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Seoul Searching | Seodaemun Prison History Museum.

Today couldn't have been a more perfect time to write about Seodaemun Prison History Museum, and what we saw and experienced during our visit. Because on this day, exactly one hundred years ago, the March 1st Movement (Samiljeol) took place.

One of the earliest public demonstrations of Korean resistance during the Japanese occupation, Samiljeol was initiated by thirty-three core activists who came together at the Taehwa-gwan Restaurant in Seoul and announced the Korean Declaration of Independence.

They then took it to the streets where they were joined by many others, marching and shouting "Manse!" which means "long live Korea". As more and more people joined the procession, the Japanese officials panicked and asked the military forces to intervene. Many of the Korean protesters were arrested, but many more were killed. Apprehended activists were brought to Seodaemun Prison, where they were locked up, tortured, or worse - executed.
The entrance to Seodaemun Prison History Museum.
Ticket prices: 1500 Korean won for adults, 500 Korean won for kids.
Forcibly built during the Japanese occupation, construction of the prison began in 1907 and was completed the year after. The prison was opened on October 21, 1908, under the name of Gyeongsong Gamok. This name eventually went through a few more changes until 1923, when it finally became the name that we know today - Seodaemun Prison.
The Administration Building, used mainly for interrogations.
This now serves as the exhibition hall of Seodaemun Prison History Museum.
Uncovering the horrors of Seodaemun Prison... more secrets revealed after the jump!
Originally covering an area of 1600 square meters, Seodaemun Prison was designed to accommodate 500 arrested activists and freedom fighters. As the anti-Japanese movement became widespread, more and more Koreans were arrested and detained, and by 1919, the number of prisoners has grown to a massive 3000. As such, the prison was expanded by adding more buildings. Out of the original 15 buildings that were built during the Japanese occupation period, 7 of them have been fully restored and were made open to the public in 1992.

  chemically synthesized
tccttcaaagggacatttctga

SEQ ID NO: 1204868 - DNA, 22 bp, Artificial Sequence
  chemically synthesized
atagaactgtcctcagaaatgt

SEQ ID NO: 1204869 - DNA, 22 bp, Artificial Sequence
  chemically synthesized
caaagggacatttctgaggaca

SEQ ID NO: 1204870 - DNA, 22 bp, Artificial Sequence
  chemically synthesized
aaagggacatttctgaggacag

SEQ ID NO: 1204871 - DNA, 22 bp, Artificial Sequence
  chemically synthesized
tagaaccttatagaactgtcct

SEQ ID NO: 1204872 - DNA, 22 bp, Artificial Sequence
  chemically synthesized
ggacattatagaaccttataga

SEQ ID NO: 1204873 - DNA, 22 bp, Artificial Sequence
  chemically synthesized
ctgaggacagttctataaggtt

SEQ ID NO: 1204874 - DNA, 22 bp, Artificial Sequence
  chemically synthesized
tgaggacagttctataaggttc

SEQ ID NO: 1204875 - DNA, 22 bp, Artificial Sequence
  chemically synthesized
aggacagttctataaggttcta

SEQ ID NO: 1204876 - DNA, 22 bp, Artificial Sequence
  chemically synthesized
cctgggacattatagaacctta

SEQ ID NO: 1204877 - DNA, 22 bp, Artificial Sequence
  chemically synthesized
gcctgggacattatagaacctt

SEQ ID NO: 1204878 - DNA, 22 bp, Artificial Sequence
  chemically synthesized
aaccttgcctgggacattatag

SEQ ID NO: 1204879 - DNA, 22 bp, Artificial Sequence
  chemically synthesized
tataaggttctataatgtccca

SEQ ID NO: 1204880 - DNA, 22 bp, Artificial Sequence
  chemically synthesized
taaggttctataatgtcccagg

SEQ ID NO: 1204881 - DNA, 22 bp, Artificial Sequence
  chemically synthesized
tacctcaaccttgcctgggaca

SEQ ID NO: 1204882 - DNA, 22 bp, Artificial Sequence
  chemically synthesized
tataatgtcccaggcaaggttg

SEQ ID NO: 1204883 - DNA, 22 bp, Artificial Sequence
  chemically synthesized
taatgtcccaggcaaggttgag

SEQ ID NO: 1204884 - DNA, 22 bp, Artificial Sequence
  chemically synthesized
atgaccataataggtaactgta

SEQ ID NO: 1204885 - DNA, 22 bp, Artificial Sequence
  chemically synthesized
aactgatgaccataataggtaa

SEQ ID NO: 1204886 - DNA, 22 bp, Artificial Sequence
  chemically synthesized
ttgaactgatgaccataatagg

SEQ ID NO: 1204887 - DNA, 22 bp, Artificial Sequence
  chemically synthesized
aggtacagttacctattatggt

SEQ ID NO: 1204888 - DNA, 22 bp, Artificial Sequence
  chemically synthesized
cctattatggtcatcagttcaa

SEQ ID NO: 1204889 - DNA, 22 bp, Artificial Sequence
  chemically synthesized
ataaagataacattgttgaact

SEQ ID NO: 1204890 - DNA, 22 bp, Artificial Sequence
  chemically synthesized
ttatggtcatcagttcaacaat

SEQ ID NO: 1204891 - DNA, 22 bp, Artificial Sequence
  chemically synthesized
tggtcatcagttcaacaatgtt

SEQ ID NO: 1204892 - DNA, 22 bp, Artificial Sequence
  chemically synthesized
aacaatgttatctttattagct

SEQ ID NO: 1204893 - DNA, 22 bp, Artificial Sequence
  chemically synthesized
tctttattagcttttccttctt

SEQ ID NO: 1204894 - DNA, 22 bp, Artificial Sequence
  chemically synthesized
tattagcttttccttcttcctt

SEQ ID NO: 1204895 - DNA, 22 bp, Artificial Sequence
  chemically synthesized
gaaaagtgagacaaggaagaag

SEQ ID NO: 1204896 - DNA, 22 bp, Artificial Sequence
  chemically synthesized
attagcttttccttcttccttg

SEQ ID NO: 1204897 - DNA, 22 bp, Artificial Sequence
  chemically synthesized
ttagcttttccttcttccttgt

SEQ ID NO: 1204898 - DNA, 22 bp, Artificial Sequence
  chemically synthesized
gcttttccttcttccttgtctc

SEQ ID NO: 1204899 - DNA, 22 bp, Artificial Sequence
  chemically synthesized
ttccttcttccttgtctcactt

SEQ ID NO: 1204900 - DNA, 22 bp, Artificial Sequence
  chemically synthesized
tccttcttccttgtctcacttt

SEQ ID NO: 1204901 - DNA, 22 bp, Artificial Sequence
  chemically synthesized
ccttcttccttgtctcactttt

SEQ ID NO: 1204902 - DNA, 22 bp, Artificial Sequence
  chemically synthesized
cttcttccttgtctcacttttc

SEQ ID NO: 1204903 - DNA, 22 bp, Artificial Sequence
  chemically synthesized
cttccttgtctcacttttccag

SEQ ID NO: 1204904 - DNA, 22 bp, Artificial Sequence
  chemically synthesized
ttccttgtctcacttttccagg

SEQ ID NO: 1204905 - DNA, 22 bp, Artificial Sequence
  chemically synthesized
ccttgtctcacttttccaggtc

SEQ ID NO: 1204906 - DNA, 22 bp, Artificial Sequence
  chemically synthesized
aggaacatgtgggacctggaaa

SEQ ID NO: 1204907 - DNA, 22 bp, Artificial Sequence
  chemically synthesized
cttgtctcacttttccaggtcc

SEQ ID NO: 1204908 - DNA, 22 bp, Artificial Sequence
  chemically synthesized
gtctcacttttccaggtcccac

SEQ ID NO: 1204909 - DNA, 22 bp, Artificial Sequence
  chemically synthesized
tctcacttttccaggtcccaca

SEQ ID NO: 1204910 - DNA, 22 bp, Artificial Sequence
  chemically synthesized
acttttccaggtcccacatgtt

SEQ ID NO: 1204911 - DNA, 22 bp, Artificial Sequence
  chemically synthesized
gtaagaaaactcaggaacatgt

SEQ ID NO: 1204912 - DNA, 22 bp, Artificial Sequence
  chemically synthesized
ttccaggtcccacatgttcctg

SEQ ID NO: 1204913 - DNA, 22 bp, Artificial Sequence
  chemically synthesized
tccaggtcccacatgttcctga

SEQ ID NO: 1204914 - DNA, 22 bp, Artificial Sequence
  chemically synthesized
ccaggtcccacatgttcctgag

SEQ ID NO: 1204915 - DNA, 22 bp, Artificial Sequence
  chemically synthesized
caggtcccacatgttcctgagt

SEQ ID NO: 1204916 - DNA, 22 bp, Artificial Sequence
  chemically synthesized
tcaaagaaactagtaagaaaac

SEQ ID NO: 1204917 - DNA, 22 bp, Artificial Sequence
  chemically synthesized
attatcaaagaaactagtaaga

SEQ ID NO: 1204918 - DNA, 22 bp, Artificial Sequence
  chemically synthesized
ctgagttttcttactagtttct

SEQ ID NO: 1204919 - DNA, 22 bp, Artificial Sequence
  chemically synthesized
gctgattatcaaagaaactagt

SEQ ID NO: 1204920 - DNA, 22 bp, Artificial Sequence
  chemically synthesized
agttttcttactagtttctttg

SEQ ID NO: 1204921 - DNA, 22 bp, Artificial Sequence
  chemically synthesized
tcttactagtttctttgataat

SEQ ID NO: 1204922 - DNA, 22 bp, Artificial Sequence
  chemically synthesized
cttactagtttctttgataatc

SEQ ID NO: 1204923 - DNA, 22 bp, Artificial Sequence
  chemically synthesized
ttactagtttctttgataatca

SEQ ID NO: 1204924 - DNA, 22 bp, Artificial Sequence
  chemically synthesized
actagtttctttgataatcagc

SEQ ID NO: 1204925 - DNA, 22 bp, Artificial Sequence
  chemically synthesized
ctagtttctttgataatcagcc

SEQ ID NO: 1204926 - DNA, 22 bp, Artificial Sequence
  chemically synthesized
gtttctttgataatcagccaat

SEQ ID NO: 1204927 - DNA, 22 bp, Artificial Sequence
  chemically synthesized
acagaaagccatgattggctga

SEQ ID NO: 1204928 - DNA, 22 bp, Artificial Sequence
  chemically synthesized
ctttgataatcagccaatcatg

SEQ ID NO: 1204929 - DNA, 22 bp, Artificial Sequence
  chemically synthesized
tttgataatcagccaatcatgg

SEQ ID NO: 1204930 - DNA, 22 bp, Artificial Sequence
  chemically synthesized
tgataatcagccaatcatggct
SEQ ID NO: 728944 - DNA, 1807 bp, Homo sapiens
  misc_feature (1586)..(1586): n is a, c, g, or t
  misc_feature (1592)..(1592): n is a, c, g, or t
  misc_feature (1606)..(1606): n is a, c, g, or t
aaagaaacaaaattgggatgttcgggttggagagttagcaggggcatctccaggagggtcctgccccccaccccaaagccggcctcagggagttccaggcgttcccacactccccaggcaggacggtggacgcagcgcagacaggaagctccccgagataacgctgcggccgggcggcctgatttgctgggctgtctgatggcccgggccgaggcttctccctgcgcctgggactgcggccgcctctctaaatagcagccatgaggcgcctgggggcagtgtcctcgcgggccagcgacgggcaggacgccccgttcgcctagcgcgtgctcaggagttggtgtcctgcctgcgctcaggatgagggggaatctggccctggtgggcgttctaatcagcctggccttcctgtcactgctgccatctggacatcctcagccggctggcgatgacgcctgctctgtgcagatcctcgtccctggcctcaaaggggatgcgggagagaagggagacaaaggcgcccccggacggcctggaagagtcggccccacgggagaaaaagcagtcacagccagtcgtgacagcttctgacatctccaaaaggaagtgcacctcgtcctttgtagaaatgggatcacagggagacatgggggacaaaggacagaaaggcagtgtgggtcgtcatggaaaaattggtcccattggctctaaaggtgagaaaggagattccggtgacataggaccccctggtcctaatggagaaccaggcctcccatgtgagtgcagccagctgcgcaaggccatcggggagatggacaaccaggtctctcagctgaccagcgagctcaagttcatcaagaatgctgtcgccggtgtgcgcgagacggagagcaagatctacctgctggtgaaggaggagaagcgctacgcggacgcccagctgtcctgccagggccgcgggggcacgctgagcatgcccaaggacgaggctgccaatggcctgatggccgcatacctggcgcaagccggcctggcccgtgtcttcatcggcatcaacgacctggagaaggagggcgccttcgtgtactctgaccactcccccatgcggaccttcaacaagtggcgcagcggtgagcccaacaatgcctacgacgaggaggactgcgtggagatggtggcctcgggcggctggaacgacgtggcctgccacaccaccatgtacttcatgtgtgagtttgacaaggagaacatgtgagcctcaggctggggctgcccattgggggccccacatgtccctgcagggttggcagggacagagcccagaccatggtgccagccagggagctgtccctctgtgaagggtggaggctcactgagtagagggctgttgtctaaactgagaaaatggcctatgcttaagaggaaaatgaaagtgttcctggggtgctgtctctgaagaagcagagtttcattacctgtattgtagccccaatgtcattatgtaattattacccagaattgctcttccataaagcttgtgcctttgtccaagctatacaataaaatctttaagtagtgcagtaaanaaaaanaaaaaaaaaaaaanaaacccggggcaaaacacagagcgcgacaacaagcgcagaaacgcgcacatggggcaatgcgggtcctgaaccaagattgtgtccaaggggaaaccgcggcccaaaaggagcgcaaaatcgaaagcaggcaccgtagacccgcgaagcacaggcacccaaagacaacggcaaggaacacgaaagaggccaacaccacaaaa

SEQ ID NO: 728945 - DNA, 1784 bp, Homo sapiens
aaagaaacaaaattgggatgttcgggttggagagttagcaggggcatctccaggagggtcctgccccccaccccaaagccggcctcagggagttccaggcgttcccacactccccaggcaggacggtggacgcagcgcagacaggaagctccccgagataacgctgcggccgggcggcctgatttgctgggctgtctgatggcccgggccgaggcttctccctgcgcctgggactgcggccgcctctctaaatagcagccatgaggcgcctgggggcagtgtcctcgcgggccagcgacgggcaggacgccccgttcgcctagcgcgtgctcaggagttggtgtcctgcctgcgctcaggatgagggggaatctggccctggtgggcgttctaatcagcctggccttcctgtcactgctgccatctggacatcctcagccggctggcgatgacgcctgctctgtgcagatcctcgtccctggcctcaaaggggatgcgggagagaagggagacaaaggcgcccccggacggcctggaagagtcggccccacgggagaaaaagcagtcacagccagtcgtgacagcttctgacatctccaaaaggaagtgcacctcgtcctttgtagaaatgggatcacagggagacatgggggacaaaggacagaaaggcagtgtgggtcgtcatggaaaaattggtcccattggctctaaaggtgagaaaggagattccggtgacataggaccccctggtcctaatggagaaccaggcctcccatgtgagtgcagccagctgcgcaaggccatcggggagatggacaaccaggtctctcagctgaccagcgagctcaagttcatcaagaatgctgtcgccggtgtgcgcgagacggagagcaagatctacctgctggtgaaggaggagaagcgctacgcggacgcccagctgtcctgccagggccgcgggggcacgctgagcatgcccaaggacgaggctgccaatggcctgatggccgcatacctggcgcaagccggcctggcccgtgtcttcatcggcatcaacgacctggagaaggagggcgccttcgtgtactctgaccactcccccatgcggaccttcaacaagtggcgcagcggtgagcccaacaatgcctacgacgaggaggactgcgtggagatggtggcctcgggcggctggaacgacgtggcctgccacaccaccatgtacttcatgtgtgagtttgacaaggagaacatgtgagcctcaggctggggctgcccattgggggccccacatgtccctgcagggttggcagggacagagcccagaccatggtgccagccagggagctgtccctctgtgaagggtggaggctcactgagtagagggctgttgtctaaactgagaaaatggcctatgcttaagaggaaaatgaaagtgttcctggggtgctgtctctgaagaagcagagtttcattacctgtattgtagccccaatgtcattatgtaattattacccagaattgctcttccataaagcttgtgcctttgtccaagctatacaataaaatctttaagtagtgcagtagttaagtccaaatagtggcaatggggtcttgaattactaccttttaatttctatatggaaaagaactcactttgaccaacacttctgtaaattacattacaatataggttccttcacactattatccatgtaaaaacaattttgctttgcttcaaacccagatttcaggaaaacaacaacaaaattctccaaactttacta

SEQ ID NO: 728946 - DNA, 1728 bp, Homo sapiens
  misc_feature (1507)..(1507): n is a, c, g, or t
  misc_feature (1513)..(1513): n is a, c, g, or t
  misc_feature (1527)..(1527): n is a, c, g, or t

The Seodaemun Prison History Hall.
The first building that you'll see upon entering the gates of Seodaemun is the Administration Building. This was built in 1923 and was regarded as the core building of Seodaemun Prison. Here, the notorious intelligence department held office, convened with Japanese officials, and interrogated those that were arrested. Today, this building serves as an Exhibition Hall where you can learn about the history of Seodaemun, and get a glimpse of the torture, pain, and suffering that the Korean patriots went through at the hands of Japanese officials.
A glimpse of the Interrogation Room.
A woman held captive in the Underground Solitary Confinement.
Water Torture. 
Box Torture.
Wall Coffin.
In the Engineering Work Building, where the detainees were forced to do manual labor, you'll learn about the 'Gyeongsong bricks' and why they were literally known as the blood, sweat, and tears of the imprisoned Koreans.
The Engineering Work Building.
Yue watching a short documentary.
Learning about the Gyeongsong bricks.
A few hundred meters away from this building is the Leprosarium, where inmates stricken with leprosy are isolated. Built in 1923, the 'leper building' sits atop a lofty stone platform, overlooking the prison grounds.
The Leper Building.
The view from below.